Oil prices hit six-month highs on Monday on worries about global supply outages and as long-time bear Goldman Sachs sounded more positive on the market, although a stockpile build at the U.S. storage hub for crude futures limited gains.
Expectations of resumption in oil exports from a Libyan port, a ramp up in Nigerian crude production by Exxon Mobil and an improved oil-for-loans deal reached by Venezuela with China furthered the tempered the bullish theme in oil.
Brent crude futures settled up $1.14, or 2.4 percent, at $48.97 per barrel. It rallied to $49.47 earlier, its highest since early November, in a test towards $50.
U.S. crude's West Texas Intermediate (WTI) futures rose by $1.51, or 3.3 percent, to end at $47.72 after touching a six-month high at $47.85. WTI saw a flurry of late buying, with more than 13,600 lots changing hands in the final minute, according to Reuters data, in an attempt to test $48.
Brent last traded up 2.6 percent at $49.08 while WTI traded up 3.7 percent at $47.90.
Crude futures have rallied for most of the past two weeks from a combination of Nigerian, Venezuelan and other outages, declining U.S. production and virtually frozen inflows of Canadian crude after wildfires in Alberta's oil sands region.
The disruptions triggered a U-turn in the outlook for the oil market from Goldman Sachs, which had long warned of global storage hitting capacity and of another oil price crash to as low as $20 per barrel.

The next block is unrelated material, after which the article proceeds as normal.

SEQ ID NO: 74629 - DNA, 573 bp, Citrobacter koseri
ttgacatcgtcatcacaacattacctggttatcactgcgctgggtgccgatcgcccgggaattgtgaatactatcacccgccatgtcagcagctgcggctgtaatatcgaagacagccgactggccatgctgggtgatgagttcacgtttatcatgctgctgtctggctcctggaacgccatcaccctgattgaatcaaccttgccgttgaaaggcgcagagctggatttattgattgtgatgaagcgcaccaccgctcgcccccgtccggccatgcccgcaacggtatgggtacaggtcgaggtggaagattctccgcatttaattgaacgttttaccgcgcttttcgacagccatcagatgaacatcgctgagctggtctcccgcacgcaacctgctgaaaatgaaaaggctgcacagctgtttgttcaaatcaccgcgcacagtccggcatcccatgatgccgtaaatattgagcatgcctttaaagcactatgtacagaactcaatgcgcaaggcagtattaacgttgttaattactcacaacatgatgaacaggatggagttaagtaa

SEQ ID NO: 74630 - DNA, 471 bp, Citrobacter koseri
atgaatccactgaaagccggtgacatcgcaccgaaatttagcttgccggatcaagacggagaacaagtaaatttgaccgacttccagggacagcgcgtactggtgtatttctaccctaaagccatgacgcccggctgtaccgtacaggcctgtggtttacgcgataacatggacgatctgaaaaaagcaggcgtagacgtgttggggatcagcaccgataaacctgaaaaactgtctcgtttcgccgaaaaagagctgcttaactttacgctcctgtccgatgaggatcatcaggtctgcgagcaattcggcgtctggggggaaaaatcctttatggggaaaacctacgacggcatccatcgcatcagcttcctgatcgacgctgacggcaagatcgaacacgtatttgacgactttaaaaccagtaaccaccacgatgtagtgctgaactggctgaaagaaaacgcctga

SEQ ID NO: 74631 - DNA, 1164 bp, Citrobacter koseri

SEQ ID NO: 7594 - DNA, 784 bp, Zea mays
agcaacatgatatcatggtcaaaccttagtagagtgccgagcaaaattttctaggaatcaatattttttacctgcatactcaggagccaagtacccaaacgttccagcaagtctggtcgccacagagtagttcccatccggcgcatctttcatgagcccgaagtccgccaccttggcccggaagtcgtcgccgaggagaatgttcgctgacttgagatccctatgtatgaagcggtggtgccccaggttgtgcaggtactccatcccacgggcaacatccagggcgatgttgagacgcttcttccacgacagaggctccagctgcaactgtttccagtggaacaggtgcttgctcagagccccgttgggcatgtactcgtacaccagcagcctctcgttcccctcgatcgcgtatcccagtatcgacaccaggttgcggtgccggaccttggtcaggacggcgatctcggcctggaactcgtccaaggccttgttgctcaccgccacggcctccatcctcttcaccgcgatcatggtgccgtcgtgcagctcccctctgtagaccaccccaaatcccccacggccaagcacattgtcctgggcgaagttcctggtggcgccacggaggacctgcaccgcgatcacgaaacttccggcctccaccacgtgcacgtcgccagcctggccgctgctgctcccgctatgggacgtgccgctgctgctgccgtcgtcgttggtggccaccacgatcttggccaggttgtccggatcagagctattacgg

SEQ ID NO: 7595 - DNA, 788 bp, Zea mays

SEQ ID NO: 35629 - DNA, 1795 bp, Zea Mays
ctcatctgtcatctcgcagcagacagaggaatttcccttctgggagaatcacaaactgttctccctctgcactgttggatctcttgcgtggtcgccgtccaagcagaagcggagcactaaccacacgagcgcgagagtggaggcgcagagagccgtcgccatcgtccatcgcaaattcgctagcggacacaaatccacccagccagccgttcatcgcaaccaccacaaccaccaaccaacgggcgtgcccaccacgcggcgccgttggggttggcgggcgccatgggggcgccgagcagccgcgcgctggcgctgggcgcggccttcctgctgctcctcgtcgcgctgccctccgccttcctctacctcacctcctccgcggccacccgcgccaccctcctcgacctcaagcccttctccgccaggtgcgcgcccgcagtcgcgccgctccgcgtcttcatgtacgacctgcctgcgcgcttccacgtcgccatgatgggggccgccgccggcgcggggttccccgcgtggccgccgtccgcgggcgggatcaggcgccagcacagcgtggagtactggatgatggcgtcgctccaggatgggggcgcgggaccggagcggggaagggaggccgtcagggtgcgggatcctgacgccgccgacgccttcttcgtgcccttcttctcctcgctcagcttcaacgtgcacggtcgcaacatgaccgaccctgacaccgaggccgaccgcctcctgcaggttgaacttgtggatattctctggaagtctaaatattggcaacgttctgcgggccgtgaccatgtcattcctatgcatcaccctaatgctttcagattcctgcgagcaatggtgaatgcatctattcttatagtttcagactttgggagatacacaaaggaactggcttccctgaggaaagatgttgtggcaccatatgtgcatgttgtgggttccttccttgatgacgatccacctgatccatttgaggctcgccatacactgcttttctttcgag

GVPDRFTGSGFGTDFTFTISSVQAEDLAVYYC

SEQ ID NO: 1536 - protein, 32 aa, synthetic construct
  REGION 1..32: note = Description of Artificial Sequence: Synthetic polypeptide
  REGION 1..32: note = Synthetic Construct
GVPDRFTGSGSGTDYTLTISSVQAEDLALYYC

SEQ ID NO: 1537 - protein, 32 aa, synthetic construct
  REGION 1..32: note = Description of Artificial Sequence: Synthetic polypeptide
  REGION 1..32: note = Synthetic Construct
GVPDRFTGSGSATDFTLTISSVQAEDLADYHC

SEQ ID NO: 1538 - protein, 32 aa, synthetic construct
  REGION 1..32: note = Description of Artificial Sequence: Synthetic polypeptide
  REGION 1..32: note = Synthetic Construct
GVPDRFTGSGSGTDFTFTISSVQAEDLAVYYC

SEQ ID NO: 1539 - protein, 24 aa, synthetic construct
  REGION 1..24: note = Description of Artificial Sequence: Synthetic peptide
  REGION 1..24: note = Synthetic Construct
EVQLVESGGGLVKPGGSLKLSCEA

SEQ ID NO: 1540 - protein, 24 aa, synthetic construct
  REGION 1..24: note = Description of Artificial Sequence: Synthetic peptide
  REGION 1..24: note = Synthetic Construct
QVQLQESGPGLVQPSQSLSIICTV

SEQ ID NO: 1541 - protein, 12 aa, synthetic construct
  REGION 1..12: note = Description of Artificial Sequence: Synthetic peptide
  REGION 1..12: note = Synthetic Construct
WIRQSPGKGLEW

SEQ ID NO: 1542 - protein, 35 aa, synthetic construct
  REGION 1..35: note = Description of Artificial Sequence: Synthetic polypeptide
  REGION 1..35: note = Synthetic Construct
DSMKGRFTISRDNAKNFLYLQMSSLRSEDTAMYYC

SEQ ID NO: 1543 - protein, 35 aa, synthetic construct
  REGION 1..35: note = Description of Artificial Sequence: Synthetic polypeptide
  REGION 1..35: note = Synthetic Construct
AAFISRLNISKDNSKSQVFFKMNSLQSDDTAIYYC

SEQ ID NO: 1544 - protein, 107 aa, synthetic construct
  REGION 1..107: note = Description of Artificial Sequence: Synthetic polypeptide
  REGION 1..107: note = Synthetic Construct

"The oil market has gone from nearing storage saturation to being in deficit much earlier than we expected," said Goldman, which added that supply likely shifted into a deficit in May.
But some of Monday's bullish sentiment took a back seat when market intelligence firm Genscape reported a stockpile build of 694,176 barrels at the Cushing, Oklahoma delivery point for WTI futures. The build surprised some market participants expecting a stock decline in Cushing due to the shuttered Canadian output.
Elsewhere, Exxon Mobil was expected to ramp up its production of Nigeria's Qua Iboe crude while Libya's port of Hariga was slated to resume blocked crude shipments.
Venezuela also reached a deal with China to improve conditions in an oil-for-loans deal that gives the OPEC member breathing room ahead of heavy debt payment.
While Goldman sounded more positive on the market than before, it also cautioned that at around $50 a barrel, supply could flip back into a surplus in the first half of 2017 if exploration and production activity picked up.